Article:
Time not right for visit – Myanmar to U.N. Security Council

February 2, 2018 - 8:07 AM
Rohingya children at a refugee camp in Cox's Bazar, Bangladesh. (photo by Cathal McNaughton, Reuters)

UNITED NATIONS — Myanmar told the United Nations Security Council not to visit during February this year because it was “not the right time,” Kuwait’s U.N. Ambassador Mansour Ayyad Al-Otaibi said on Thursday, adding that the country did not completely reject the proposed trip.

Nearly 690,000 Rohingya Muslims have fled to neighboring Bangladesh since Aug. 25 last year after the Myanmar military cracked down on insurgents in Rakhine state.

The security forces have been accused by Rohingya witnesses and rights activists of carrying out killings, rapes and arson in Rakhine in a campaign senior officials in the United Nations and United States have described as ethnic cleansing. Myanmar rejects that label and has denied nearly all the allegations.

Al-Otaibi said he tried to organize a visit to Myanmar during Kuwait’s presidency of the Security Council in February.

“This visit will not happen in February. Other members of the council might organize such a visit at a later stage, maybe in March or April,” Al-Otaibi said. “They did not reject it … They just think this is not the right time for the visit.”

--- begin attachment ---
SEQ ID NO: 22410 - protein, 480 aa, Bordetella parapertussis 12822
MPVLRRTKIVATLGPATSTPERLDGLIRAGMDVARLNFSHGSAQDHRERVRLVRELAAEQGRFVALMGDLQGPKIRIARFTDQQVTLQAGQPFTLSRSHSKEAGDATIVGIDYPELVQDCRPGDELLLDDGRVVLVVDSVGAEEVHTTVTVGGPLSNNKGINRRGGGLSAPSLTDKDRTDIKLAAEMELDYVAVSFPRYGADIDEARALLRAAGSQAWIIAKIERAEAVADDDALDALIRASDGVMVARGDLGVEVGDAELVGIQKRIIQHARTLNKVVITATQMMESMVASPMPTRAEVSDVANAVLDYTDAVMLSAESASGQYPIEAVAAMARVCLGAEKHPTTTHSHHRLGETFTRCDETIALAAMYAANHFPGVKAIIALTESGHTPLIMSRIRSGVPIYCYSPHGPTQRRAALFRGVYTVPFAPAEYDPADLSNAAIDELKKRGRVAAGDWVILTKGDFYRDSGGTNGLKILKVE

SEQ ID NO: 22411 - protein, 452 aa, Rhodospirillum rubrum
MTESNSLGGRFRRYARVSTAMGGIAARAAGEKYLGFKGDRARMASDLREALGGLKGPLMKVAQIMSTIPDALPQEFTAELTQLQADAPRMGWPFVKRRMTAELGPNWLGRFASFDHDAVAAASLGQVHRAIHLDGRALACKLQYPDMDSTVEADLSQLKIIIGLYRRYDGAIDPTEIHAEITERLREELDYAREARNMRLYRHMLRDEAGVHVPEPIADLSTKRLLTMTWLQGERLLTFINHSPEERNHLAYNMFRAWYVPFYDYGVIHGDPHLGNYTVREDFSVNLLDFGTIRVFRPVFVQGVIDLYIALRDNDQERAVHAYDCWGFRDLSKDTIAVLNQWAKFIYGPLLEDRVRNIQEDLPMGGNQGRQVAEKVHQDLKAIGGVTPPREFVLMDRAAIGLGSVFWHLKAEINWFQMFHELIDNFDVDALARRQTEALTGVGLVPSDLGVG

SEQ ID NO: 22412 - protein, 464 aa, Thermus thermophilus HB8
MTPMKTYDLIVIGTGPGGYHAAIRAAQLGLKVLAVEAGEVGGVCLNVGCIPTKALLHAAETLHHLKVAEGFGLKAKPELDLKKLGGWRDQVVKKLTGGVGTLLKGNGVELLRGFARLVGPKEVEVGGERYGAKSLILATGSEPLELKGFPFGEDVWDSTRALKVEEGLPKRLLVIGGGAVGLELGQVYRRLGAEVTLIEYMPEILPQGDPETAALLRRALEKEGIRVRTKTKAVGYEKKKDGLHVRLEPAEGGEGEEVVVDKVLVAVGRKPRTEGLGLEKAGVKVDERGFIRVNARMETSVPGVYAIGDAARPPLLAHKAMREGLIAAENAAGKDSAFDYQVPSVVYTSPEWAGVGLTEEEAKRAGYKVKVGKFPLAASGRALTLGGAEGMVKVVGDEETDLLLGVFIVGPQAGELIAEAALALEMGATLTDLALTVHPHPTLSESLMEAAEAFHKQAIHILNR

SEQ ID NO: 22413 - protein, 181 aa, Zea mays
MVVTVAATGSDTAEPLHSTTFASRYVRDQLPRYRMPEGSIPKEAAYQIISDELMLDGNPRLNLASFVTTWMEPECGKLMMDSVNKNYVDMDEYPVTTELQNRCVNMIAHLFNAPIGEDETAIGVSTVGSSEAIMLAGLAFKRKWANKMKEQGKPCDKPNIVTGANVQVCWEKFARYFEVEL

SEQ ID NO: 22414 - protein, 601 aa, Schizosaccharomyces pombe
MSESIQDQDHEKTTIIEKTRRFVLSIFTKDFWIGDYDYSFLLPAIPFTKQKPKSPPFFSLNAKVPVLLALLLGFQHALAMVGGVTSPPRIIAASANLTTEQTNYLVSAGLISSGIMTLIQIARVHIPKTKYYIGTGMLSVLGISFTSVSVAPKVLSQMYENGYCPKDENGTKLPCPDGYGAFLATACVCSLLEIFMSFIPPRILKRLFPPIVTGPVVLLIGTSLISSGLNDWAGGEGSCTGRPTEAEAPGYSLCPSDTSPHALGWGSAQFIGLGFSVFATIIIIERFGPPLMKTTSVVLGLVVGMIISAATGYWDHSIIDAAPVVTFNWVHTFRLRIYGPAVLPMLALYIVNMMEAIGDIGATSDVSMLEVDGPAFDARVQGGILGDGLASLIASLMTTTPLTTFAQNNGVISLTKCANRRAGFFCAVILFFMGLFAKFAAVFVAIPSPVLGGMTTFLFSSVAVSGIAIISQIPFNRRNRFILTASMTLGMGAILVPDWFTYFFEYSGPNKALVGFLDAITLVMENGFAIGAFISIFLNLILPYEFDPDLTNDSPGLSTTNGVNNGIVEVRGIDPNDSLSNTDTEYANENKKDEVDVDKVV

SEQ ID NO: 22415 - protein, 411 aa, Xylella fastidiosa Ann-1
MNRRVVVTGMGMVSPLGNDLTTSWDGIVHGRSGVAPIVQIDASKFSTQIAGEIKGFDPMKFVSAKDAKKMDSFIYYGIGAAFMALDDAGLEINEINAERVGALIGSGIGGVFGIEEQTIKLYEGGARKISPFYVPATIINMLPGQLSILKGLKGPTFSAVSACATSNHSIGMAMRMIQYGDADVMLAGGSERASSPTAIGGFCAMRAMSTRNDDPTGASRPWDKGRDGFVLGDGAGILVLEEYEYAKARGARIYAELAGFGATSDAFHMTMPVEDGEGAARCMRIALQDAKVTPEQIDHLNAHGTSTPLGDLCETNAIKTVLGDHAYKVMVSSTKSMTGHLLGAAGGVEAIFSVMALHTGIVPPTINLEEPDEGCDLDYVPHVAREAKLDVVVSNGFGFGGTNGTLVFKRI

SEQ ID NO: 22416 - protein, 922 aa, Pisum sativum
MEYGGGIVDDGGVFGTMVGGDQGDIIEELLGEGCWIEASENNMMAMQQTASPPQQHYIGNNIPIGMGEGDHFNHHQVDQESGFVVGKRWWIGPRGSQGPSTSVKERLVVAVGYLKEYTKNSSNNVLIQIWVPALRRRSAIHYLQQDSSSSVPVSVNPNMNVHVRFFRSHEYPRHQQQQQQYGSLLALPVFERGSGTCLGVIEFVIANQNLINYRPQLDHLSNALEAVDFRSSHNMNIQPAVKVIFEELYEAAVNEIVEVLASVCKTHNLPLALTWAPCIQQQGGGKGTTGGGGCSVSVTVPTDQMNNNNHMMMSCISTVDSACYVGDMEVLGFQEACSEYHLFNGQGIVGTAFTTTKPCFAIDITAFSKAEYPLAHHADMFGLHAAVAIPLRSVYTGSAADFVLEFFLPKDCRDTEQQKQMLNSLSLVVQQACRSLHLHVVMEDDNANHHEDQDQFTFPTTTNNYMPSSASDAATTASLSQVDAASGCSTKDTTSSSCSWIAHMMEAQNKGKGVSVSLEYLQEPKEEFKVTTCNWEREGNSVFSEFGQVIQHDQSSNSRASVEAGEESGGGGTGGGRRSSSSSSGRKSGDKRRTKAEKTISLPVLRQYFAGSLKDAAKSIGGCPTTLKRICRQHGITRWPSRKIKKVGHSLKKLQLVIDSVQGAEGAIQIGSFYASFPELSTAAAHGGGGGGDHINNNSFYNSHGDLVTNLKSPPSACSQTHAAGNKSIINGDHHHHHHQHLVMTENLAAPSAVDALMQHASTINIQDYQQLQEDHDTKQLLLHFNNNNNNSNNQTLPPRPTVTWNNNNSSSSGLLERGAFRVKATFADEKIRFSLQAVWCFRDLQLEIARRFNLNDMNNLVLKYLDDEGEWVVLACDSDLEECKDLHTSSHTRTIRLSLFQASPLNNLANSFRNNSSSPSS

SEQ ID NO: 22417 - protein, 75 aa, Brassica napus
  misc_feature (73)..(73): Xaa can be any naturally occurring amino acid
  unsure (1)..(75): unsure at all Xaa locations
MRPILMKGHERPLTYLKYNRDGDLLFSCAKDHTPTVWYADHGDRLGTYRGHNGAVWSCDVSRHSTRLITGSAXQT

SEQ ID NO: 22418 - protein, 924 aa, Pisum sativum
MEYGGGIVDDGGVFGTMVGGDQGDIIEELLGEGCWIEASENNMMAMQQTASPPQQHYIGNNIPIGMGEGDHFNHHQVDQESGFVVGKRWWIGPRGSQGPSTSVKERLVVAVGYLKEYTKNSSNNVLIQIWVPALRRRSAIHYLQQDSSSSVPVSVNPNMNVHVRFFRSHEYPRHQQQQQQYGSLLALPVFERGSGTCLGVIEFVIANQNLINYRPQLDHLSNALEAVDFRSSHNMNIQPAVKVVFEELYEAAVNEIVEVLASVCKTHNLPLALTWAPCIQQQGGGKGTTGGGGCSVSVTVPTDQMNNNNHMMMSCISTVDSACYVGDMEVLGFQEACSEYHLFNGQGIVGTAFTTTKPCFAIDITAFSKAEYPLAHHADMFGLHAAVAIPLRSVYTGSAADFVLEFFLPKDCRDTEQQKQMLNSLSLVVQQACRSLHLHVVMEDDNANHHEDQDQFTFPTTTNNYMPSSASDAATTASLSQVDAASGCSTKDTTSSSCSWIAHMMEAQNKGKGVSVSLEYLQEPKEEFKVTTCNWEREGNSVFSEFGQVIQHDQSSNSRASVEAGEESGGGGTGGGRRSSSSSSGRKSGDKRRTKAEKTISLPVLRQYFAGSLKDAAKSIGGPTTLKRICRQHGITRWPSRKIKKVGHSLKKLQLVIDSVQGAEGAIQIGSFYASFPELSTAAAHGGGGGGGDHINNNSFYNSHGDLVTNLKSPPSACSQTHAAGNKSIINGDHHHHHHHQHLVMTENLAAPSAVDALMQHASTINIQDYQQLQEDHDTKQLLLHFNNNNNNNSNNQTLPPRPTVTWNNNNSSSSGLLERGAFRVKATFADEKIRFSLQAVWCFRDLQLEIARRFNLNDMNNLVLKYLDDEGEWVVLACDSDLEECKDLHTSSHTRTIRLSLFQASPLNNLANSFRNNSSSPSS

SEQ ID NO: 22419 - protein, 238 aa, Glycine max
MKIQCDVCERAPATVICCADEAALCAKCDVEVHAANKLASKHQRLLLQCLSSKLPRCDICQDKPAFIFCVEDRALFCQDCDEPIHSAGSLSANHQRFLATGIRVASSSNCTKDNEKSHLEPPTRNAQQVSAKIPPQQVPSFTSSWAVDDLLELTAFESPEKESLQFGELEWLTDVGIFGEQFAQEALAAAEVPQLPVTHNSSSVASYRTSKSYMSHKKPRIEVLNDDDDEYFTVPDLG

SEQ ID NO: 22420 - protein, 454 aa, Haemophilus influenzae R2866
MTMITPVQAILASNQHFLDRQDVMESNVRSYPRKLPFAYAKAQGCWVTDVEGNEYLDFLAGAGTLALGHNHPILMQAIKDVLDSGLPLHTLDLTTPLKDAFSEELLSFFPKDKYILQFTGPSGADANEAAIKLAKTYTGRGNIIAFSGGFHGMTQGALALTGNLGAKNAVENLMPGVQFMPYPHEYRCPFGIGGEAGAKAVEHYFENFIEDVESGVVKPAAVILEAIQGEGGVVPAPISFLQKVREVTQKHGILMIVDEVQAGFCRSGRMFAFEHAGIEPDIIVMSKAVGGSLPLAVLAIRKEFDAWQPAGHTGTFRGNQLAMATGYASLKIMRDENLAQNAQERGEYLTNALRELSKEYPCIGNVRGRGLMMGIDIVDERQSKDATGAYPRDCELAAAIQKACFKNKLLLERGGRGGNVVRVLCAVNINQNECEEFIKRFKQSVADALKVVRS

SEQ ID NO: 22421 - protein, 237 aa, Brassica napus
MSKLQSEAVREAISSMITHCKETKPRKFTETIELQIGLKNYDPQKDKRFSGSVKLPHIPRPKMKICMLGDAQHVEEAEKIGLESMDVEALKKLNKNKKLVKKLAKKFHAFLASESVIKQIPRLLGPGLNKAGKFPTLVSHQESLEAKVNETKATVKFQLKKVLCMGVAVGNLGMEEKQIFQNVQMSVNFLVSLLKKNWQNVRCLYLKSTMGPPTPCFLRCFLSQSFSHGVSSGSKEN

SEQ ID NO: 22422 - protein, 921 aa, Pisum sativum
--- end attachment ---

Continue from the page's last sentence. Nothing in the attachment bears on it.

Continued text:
“They are currently organizing a visit for the diplomatic corps in Myanmar to the Rakhine state. They also said that tensions are high in the Rakhine state at the moment, these were the reasons given to us by the Myanmar authorities,” he said.

In November the 15-member Security Council urged the Myanmar government to stop the excessive use of military force in Rakhine state and expressed “grave concern over reports of human rights violations and abuses.”

The statement by the council also called on the Myanmar government to give media organizations full and unhindered access throughout the country to ensure the safety and security of medial personnel.

Two Reuters reporters, Wa Lone, 31, and Kyaw Soe Oo, 27, were detained on Dec. 12 and accused of violating the country’s Official Secrets Act. They had worked on Reuters coverage of a crisis in Rakhine state.